October 19, 2019
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Episcopal priest gets 45 days for smuggling drugs into jail

Rev. Stephen Foote

An Episcopal priest from Augusta pleaded guilty Tuesday morning to misdemeanor possession of Suboxone and will serve 45 days in jail followed by one year of probation.

The Rev. Stephen Foote, 70, of Bremen, was sentenced to 364 days of incarceration, with all but 45 days suspended, and one year of probation, in an agreement with the office of the Maine Attorney General, according to Bill Stokes, deputy attorney general and chief of the office’s criminal division.

“We don’t see priests smuggling drugs into jails — that’s pretty uncommon,” Stokes said Tuesday. “And we understand Rev. Foote has no prior criminal record, but we really insisted that he do some jail time because we were more concerned that we send the message that you’re going to do jail time if you do this, even if you’re a priest.”

Stokes said Tuesday that the attorney general’s office agreed to the plea on the condition that the sentence include “a significant amount of community service” to include Foote spending time “talking about the error of his ways.”

Foote was arrested in November 2012 and charged with smuggling the drug Suboxone into Two Bridges Regional Jail in Wiscasset during October, Lincoln County Sheriff’s Department Detective Michael Murphy said at the time.

Also charged in the case were Joshua Theriault Patten, 25, of Bremen, who Murphy said is one of Foote’s parishioners, and Adam Shawley, 27, of Newport.

Murphy said Patten and Shawley arranged for the drug to be mailed to Foote. The resolution of their cases was not available Tuesday.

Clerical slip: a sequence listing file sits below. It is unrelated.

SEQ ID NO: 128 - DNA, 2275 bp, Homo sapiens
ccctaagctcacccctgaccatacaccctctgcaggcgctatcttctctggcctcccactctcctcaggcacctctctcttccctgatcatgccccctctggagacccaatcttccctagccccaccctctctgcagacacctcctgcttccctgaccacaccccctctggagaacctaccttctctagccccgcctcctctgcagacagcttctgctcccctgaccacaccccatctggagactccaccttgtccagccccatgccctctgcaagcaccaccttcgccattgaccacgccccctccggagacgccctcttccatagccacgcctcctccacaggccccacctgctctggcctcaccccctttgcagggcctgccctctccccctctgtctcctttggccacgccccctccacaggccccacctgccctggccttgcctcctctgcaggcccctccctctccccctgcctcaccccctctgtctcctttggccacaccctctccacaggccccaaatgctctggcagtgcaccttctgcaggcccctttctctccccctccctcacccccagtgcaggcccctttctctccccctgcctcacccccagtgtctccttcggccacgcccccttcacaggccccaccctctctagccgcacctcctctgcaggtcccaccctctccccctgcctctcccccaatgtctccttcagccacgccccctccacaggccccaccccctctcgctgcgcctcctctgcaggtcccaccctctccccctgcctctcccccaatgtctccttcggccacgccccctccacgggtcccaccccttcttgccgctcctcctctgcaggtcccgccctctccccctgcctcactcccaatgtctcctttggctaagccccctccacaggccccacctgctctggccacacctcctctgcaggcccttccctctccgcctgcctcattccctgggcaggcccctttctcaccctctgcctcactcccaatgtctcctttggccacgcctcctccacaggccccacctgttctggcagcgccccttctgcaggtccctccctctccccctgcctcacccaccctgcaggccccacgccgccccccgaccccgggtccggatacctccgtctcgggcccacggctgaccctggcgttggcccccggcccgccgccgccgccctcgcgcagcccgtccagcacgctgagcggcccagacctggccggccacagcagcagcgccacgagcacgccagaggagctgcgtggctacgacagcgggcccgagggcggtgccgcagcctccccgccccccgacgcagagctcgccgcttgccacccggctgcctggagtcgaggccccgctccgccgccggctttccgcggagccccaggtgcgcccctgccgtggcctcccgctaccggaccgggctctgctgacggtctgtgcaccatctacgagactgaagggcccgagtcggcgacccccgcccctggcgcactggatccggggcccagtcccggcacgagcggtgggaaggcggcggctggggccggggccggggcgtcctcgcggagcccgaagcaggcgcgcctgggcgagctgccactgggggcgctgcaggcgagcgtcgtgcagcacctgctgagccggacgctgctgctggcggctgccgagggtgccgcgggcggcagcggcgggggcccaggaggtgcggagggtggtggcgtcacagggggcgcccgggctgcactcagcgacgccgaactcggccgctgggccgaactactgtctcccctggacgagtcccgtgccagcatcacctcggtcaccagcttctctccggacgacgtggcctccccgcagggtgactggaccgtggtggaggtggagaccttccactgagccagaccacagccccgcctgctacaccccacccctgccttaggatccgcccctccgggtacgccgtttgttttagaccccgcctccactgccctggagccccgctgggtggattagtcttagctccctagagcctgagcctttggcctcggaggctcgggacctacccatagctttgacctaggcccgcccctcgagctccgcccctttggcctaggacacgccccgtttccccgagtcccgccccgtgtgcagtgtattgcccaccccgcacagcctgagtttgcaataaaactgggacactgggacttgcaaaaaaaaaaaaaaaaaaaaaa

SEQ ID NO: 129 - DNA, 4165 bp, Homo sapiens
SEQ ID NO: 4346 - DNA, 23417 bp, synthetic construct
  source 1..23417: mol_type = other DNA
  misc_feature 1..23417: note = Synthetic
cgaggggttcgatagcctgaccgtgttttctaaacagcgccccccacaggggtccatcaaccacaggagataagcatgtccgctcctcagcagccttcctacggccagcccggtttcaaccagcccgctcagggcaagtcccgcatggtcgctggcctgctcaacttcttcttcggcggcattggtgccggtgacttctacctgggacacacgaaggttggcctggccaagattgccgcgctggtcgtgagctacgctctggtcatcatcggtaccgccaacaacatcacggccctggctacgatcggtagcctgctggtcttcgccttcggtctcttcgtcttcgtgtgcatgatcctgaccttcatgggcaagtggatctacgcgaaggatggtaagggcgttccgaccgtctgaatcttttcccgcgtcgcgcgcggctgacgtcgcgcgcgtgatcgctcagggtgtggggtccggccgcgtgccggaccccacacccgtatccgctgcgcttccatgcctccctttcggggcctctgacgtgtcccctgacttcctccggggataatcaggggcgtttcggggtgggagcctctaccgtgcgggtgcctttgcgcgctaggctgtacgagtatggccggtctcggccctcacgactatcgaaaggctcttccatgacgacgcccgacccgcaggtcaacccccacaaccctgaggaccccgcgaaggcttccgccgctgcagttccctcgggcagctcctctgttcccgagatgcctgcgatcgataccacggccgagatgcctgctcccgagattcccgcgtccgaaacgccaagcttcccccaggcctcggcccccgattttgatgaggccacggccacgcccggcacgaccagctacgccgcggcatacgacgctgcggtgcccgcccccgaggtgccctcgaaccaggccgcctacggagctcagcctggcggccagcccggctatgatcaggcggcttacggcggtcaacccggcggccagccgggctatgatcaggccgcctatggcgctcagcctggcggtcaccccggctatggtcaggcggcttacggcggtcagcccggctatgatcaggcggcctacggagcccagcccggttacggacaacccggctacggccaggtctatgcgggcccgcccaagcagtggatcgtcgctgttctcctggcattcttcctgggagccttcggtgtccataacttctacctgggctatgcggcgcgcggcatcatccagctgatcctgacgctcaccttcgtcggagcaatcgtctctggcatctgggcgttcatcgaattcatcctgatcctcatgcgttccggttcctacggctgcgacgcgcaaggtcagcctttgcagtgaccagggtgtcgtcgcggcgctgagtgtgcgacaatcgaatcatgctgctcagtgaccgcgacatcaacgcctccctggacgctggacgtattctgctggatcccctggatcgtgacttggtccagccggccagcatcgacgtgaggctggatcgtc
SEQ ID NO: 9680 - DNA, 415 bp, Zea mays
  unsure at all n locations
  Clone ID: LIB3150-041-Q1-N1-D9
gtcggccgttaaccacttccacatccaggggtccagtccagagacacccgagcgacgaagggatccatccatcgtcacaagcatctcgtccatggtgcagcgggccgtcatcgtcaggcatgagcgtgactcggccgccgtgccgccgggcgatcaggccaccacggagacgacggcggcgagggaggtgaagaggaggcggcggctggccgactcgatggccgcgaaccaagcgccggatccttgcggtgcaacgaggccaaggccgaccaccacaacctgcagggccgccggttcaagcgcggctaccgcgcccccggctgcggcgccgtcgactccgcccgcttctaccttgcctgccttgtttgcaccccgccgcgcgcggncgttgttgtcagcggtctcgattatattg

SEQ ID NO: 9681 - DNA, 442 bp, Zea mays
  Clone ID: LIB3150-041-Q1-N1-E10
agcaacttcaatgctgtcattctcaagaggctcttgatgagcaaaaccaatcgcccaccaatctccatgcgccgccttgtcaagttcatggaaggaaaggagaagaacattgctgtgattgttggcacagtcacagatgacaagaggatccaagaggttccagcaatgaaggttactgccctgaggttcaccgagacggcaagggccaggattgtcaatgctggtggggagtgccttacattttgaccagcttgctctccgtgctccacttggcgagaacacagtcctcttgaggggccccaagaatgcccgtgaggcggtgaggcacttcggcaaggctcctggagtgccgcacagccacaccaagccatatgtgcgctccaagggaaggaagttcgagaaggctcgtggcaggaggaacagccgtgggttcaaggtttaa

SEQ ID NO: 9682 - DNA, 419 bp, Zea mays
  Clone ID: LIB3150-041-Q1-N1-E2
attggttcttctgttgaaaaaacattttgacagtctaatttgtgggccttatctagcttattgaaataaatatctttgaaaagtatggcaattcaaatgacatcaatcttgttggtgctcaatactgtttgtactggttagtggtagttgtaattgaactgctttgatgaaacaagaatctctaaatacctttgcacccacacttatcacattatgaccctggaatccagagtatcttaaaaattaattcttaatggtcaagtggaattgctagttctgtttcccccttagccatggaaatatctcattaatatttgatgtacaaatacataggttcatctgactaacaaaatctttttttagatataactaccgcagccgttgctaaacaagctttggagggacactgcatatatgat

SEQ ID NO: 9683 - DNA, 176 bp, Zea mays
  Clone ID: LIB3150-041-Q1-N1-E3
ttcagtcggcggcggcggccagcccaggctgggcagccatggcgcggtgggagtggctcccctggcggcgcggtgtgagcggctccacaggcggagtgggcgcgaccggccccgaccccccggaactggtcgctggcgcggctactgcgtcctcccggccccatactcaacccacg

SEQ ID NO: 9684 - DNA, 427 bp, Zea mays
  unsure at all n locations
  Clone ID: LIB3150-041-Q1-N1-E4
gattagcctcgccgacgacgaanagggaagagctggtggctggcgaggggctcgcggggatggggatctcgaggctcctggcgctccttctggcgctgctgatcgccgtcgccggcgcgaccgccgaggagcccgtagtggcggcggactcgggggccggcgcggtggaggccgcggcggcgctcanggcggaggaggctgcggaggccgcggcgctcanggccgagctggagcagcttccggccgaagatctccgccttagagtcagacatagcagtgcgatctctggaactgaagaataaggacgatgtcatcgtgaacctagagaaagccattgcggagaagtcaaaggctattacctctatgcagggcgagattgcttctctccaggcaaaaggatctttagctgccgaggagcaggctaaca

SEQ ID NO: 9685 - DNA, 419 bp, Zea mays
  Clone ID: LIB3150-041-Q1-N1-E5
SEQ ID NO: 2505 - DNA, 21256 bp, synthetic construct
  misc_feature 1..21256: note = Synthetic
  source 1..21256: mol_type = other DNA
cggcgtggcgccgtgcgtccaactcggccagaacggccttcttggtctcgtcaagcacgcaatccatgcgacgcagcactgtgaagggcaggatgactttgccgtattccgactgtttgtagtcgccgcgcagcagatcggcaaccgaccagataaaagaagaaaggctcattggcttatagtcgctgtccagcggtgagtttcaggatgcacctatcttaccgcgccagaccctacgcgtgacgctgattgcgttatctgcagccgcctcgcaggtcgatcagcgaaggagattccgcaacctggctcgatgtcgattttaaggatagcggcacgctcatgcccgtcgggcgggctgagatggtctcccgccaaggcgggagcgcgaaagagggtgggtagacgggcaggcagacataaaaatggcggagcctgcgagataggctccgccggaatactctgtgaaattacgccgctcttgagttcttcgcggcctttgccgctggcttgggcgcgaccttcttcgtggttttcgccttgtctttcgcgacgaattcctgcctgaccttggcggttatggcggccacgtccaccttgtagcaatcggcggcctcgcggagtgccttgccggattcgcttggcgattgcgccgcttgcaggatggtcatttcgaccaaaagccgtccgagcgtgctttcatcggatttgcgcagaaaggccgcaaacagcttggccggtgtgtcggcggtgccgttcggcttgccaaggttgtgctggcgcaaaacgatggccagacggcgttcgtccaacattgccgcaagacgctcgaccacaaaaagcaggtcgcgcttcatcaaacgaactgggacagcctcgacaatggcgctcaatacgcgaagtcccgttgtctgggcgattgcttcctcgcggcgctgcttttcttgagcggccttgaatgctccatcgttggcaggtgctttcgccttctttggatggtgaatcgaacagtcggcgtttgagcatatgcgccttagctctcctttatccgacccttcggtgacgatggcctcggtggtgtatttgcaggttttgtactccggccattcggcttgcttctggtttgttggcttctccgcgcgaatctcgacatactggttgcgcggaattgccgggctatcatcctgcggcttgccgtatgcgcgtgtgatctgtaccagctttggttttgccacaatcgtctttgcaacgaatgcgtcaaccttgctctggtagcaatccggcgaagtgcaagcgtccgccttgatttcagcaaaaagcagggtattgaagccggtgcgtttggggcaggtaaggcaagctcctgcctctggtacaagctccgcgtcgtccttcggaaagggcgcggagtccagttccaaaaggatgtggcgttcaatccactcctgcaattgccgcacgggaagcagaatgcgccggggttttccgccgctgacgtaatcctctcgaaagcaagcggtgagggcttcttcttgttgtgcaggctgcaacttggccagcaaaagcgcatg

At the time of his arrest, Foote had been serving as the transitional priest-in-charge at St. Mark’s Episcopal Church in Augusta. He had retired as dean of The Cathedral Church of St. Luke in Portland in 2003.

In a statement released Tuesday by his attorney, William Avantaggio of Damariscotta, Foote said he is “heartily sorry” for the act he committed, and that he forwarded prescription medication through the mail out of “anxiety and concern for an inmate’s personal welfare and safety.”

His statement continues:

“My error in judgment cannot be excused, and I am determined to make amends.

“One aspect of my sentence will be to perform community service. I plan to use that time to help create a regular group support system for families and friends of inmates in area jails and prison in midcoast Maine.

“I deeply regret the harm and embarrassment my actions have brought the religious community and, especially, my friends and colleagues in the Episcopal Diocese of Maine and my bishop. My actions reflect badly on the hundreds of people and clergy who engage in the important work of prison ministry throughout Maine. I hope that my story will draw attention to the vulnerability of inmates in the prison culture and the growing problem of drugs being illegally brought into correctional facilities everywhere.”

The Episcopal Diocese of Maine said at the time of Foote’s arrest that he was immediately placed on administrative leave pending the outcome of the investigation.

On Tuesday, Heidi Schott, canon for communications for the diocese, released the following statement, noting that Foote would remain on administrative leave until the church’s disciplinary process is concluded:

“The Episcopal Diocese of Maine welcomes the news of the resolution of the criminal case against Stephen Foote of Bremen, a retired priest currently on administrative leave in this diocese.

“With that portion of the case concluded, the Rt. Rev. Stephen T. Lane, Bishop of Maine, now turns to the resolution of Title IV proceedings, the disciplinary process for clergy that is canonically required by The Episcopal Church.

“Bishop Lane asks that Maine Episcopalians keep all those involved in their prayers as this situation approaches its conclusion.”

A phone call to Avantaggio on Tuesday was not immediately returned.

Stokes said Tuesday that the Attorney General’s office agreed to the plea on the condition that the sentence include “a significant amount of community service” to include Foote spending time “talking about the error of his ways.”

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